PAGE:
Consider the regular expressions

  • $(1+01)^*(0+\epsilon)$
  • $(1^*011^*)^*(0+\epsilon) + 1^*(0+\epsilon)$,

where $\epsilon$ is the empty string. I need to determine if these expressions are equivalent. Intuitively it seems they are equivalent because they seem to generate the languages of strings without two consecutive $0s$.

a. Is this correct?
b. How it can be proved mathematically?


5 Answers 5


One way to prove that two regular expressions $r_1,r_2$ generate the same language is to show both inclusions:

  • Show that if $w$ is generated by $r_1$ then it is generated by $r_2$.
  • Show that if $w$ is generated by $r_2$ then it is generated by $r_1$.

Another way is to mechanically convert the regular expressions to NFAs, then to DFAs, then use the product construction to construct a DFA for the symmetric difference of the languages generated by the two regular expressions, then to show that no accepting state is reachable from the initial state.

You are suggesting a third way — show that both regular expressions generate a particular language $L$. You can use the methods above, or other methods, to show separately that each of $r_1,r_2$ generate the language $L$.

A fourth way is to use the algebra of regular expressions, some axiomatizations of which are complete for the equational theory of regular expressions (which means that if two regular expressions generate the same language, then this can be proved using the axioms).


If you wanted to prove this extra formally, you could try to prove this in a proof assistant, such as Lean (or Coq or Agda or ...). Here's how you can state that problem using Lean's regular_expressions library

import computability.regular_expressions

open regular_expression

abbreviation c0 := char ff
abbreviation c1 := char tt

-- the statement is that the two regular expressions match the same thing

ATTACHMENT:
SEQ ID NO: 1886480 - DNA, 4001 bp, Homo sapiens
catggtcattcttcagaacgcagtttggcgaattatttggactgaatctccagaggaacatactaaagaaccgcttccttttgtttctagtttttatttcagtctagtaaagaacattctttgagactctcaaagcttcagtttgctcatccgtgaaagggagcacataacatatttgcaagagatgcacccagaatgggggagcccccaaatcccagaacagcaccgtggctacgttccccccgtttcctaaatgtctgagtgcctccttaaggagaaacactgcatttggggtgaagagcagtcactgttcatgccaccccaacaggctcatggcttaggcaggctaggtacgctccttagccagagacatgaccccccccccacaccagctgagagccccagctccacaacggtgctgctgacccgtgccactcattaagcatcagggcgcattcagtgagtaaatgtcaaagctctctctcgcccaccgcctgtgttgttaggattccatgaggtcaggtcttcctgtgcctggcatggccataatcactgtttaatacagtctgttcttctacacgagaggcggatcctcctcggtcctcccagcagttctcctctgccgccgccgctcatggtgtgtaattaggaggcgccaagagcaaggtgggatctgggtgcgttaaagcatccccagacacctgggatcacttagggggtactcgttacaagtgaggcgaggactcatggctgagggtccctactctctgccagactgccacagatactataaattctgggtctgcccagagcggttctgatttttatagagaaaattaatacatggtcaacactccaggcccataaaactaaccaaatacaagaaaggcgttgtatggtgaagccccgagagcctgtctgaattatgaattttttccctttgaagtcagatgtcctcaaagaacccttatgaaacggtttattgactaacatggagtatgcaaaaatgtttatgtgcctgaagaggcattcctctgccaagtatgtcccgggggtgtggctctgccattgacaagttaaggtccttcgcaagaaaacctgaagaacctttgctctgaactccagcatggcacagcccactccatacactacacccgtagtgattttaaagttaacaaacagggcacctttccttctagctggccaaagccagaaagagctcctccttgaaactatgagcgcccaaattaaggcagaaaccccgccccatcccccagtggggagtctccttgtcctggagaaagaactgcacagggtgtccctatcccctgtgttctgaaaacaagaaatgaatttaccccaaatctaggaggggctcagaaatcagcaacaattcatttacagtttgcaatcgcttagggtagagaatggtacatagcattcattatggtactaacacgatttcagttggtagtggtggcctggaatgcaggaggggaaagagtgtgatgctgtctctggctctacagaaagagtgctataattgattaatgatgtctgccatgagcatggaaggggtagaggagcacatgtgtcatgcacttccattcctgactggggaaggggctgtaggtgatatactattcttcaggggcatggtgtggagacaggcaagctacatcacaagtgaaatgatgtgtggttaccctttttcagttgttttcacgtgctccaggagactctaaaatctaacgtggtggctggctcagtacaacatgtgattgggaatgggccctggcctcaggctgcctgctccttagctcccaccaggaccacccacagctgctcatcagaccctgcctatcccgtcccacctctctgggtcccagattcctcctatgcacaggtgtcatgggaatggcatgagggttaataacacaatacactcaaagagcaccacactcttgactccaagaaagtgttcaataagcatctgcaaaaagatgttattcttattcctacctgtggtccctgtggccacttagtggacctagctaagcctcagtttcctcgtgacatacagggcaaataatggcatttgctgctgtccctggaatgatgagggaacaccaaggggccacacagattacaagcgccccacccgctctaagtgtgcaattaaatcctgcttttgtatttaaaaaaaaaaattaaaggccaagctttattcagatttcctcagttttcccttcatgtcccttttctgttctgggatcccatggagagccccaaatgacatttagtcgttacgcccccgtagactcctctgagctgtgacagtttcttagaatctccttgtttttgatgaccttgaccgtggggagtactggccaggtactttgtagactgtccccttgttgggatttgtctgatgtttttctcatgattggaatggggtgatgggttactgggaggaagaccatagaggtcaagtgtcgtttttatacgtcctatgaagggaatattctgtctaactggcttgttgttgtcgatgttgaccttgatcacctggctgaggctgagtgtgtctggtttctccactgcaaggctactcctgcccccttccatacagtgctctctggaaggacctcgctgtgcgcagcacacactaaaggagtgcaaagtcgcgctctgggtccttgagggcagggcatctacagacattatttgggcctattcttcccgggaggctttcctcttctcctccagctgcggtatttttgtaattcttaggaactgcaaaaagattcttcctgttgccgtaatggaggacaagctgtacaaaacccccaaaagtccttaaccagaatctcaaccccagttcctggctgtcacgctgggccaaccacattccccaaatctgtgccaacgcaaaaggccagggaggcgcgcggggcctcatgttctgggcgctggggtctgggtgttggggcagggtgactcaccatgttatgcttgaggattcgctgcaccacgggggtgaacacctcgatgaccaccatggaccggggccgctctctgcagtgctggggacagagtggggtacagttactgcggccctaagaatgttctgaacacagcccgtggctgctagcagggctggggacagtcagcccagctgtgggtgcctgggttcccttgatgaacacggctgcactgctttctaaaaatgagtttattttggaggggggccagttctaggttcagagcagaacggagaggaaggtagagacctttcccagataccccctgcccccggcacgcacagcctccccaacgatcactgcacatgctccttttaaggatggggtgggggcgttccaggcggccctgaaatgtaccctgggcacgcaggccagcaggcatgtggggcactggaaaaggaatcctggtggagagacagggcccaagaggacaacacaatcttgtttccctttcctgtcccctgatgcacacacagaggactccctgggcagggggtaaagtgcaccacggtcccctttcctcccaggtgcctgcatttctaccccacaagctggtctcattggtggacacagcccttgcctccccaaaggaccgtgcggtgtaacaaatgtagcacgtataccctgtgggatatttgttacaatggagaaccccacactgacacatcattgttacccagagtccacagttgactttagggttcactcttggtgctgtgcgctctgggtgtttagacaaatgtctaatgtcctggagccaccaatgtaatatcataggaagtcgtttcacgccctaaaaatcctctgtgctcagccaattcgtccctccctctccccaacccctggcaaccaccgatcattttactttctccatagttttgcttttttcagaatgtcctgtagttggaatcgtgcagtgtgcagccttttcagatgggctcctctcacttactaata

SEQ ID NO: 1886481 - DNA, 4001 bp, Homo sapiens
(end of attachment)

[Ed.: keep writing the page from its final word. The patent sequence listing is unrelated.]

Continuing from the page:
example :
  ((c1 + c0*c1).star*(c0 + 1)).matches
    = ((c1.star*c0*c1*c1.star).star + c1.star*(c0 + 1)).matches :=
  simp, -- this gets you started, and turns it into a statement about languages

Note here that your $0$ is c0, your $1$ is c1, your $x*$ is x.star, your $\epsilon$ is $1$, and your concatenation is *.

To complete this, you have to replace the sorry with the rest of the proof!


If you generate a minimal DFA from a regular expression, then you can label each state uniquely with the lexically smallest string that reaches the state.

This makes it very easy to check for isomorphism between two minimal DFAs, which determines if the languages that generated them are equivalent.

If you number the states in label order, and write out a description of the DFA based on that ordering, then the string you produce is a canonical representation of the language.

Not only can you simply compare two such strings to determine if their generating REs are equivalent, but you can also make a database of them and efficiently check to see if a new language matches any one in the database.

  • $\begingroup$ "and write out a description of the DFA based on that ordering"... or equivalently, convert back into a regular expression... thus giving a canonicalization procedure for regular expressions, and two regexes are equivalent iff they have the same canonical form. $\endgroup$
    – Don Hatch
    Commented Jan 18, 2023 at 4:56

The most direct procedural way that I have found to determine whether two regular expressions $R_0$ and $R_1$ are equivalent is the following:

  1. Convert $R_0$ and $R_1$ to NFAs $N_0$ and $N_1$.
  2. Convert $N_0$ and $N_1$ to DFAs $D_0 = (Q_0, \Sigma, \delta_0, q_0, F_0)$ and $D_1 = (Q_1, \Sigma, \delta_1, q_1, F_1)$.
  3. Form a "union" DFA $D = (Q_0 \cup Q_1, \Sigma, \delta_0 \cup \delta_1, -, F_0 \cup F_1)$. The start state doesn't matter (hence the "$-$"). The idea comes from these lecture notes by Ana Bove.
  4. Test whether $q_0$ and $q_1$ are equivalent using the table-filling algorithm. Details on the table filling algorithm can be found in these lecture notes by Ryan Williams.

It appears it should be possible to show the regular expressions $r_1=(1+01)^*$ and $r_2=(1^* 011^*)^*+1^*$ generate the same language, by showing that each string generated by $r_1$ can also be generated by $r_2$, and conversely. This equality would be preserved when an optional $0$ is concatenated at the end.


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